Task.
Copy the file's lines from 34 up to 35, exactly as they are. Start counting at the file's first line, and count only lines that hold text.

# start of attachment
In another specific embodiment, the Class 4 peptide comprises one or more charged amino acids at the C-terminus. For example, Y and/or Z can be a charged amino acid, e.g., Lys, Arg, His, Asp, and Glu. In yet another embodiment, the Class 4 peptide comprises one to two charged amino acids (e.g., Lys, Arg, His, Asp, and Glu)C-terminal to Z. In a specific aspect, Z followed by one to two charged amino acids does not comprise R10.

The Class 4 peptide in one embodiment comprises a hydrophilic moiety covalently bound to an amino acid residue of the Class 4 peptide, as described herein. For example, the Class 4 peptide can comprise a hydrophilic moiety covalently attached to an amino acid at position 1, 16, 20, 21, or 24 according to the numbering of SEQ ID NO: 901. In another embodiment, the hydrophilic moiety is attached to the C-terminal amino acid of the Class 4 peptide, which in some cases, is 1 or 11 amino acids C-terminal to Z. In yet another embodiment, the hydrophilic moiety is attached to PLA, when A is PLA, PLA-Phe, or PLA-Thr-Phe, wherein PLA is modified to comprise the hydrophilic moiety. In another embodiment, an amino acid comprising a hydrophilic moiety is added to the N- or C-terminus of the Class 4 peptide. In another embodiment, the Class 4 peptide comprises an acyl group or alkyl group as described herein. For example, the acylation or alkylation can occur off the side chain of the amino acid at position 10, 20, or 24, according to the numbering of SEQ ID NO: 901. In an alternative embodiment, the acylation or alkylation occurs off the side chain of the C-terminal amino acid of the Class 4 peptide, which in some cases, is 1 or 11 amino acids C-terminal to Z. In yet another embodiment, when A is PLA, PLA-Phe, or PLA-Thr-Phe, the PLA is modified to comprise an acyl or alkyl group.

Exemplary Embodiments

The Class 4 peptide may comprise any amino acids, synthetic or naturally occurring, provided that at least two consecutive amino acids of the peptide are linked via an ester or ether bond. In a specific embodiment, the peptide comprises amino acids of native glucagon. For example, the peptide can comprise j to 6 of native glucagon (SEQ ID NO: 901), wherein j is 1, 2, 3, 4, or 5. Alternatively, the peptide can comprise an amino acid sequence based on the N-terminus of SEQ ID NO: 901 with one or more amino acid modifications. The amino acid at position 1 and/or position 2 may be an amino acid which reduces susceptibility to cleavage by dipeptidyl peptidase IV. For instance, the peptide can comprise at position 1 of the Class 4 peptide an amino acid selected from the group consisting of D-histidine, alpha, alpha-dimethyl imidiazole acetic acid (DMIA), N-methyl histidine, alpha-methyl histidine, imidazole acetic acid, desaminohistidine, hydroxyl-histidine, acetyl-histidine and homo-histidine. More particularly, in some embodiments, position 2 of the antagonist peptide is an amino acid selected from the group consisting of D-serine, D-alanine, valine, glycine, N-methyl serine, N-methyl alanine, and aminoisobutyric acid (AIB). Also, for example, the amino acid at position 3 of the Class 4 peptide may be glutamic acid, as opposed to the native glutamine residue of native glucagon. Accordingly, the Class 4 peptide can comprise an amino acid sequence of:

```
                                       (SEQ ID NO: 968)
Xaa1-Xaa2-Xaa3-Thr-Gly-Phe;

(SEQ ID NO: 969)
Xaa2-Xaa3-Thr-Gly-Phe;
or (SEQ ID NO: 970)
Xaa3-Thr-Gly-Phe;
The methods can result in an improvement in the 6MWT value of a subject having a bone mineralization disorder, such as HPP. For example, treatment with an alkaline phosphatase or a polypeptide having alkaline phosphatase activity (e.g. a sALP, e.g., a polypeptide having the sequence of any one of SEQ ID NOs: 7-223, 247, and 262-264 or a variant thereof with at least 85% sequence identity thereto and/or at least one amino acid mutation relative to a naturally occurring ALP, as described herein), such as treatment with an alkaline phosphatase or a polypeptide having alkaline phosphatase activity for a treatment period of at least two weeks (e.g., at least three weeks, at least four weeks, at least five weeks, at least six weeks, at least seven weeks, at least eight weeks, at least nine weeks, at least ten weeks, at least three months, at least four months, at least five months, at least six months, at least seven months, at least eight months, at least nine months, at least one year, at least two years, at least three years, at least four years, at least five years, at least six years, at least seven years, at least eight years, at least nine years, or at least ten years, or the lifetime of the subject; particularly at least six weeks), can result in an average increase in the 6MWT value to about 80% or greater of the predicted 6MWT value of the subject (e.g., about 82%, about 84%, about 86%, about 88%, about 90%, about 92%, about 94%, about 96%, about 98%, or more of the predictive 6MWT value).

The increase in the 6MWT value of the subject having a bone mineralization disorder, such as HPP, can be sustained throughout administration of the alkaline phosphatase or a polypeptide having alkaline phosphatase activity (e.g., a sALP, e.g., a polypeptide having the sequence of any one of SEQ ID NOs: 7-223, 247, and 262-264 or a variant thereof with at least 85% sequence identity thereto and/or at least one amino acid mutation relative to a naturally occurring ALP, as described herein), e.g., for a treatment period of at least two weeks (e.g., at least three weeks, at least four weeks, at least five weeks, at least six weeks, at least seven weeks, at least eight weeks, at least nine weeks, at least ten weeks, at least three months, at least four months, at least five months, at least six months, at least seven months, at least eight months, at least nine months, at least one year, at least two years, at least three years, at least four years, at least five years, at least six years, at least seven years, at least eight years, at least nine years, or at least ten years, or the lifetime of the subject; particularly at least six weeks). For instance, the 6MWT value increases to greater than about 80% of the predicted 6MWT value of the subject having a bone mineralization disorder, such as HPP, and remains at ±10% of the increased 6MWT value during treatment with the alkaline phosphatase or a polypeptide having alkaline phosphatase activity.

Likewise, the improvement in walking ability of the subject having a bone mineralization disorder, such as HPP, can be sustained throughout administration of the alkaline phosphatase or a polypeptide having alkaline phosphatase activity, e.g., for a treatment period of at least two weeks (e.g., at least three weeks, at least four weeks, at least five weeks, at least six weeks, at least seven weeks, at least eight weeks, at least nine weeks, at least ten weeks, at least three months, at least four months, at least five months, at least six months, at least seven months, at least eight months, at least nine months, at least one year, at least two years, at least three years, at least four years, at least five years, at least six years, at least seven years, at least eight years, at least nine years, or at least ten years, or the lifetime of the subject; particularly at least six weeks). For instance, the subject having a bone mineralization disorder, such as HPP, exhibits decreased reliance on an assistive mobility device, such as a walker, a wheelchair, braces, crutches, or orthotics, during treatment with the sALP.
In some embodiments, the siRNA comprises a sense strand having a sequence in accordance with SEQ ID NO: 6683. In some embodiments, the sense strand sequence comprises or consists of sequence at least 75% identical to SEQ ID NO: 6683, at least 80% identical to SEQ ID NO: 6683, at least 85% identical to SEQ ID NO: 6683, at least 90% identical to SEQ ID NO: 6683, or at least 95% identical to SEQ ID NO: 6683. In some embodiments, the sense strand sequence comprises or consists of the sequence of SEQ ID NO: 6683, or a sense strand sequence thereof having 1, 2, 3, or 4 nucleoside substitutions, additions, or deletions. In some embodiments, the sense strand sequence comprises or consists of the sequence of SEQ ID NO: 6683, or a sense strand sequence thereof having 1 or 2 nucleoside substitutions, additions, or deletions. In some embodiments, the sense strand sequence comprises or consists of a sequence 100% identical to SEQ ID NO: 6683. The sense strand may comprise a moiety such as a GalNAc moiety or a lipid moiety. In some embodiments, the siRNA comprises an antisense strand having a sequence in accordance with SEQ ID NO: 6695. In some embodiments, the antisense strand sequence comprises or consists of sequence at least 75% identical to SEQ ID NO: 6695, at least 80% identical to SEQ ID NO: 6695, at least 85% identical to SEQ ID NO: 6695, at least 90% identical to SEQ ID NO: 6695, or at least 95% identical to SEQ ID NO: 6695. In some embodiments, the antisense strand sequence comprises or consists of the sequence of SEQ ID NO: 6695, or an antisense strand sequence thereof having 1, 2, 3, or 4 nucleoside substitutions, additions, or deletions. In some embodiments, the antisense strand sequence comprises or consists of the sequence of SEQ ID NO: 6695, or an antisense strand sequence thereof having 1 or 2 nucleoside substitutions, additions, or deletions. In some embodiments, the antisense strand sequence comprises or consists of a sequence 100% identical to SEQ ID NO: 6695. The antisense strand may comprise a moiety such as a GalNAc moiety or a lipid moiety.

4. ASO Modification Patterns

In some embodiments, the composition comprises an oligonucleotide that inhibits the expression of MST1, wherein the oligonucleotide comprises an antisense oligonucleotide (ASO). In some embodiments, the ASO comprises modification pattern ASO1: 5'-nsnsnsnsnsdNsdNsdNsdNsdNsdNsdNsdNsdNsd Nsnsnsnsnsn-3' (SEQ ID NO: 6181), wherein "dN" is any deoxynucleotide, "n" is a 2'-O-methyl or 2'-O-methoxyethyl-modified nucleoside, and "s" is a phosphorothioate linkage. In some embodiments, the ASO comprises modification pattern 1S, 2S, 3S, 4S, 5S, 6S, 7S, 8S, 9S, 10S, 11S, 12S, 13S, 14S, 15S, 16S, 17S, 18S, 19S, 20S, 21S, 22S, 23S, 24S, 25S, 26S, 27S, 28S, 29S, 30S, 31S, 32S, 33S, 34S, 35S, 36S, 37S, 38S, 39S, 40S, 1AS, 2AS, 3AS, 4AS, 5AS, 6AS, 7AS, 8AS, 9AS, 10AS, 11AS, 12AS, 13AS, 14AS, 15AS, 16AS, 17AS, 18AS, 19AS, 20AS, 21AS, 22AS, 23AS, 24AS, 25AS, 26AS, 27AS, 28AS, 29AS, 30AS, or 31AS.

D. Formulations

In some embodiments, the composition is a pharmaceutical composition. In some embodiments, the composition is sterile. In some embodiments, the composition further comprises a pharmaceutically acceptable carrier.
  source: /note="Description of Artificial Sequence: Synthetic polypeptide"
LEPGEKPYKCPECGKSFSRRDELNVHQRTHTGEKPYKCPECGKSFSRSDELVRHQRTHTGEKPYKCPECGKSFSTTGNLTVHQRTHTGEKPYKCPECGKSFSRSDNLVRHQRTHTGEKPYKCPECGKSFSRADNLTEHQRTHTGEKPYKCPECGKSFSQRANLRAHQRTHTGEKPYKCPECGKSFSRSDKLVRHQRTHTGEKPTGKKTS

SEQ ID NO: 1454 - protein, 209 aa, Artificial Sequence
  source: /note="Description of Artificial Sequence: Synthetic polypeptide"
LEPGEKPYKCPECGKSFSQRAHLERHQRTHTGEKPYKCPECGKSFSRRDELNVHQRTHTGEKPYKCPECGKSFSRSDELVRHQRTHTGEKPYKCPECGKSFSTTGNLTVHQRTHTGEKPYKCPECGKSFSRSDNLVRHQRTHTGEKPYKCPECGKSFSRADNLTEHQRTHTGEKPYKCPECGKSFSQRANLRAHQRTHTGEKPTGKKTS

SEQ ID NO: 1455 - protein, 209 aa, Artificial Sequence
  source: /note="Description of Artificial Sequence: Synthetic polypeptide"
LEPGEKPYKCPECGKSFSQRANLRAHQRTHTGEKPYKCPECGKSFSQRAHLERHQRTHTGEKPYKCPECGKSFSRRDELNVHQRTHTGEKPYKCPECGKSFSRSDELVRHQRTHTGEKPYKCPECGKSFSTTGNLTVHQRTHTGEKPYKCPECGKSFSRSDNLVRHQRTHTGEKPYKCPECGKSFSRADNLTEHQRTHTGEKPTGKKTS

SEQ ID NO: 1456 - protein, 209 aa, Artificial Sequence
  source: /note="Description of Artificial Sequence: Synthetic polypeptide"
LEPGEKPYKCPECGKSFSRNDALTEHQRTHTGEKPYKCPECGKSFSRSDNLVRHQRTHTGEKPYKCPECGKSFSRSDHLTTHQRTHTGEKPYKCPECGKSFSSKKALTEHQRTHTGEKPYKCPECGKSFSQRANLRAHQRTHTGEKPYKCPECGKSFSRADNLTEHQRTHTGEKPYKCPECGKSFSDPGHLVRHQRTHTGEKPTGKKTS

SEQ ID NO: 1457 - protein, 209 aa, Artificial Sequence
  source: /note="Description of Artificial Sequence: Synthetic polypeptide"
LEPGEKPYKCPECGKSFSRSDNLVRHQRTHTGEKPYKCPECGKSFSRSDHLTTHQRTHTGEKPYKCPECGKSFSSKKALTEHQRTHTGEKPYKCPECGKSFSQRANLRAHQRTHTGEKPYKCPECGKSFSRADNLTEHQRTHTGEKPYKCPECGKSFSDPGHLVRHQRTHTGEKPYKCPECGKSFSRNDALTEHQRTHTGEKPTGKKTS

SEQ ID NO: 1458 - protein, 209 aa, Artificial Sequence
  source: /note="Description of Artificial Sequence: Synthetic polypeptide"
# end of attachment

SEQ ID NO: 1458 - protein, 209 aa, Artificial Sequence
  source: /note="Description of Artificial Sequence: Synthetic polypeptide"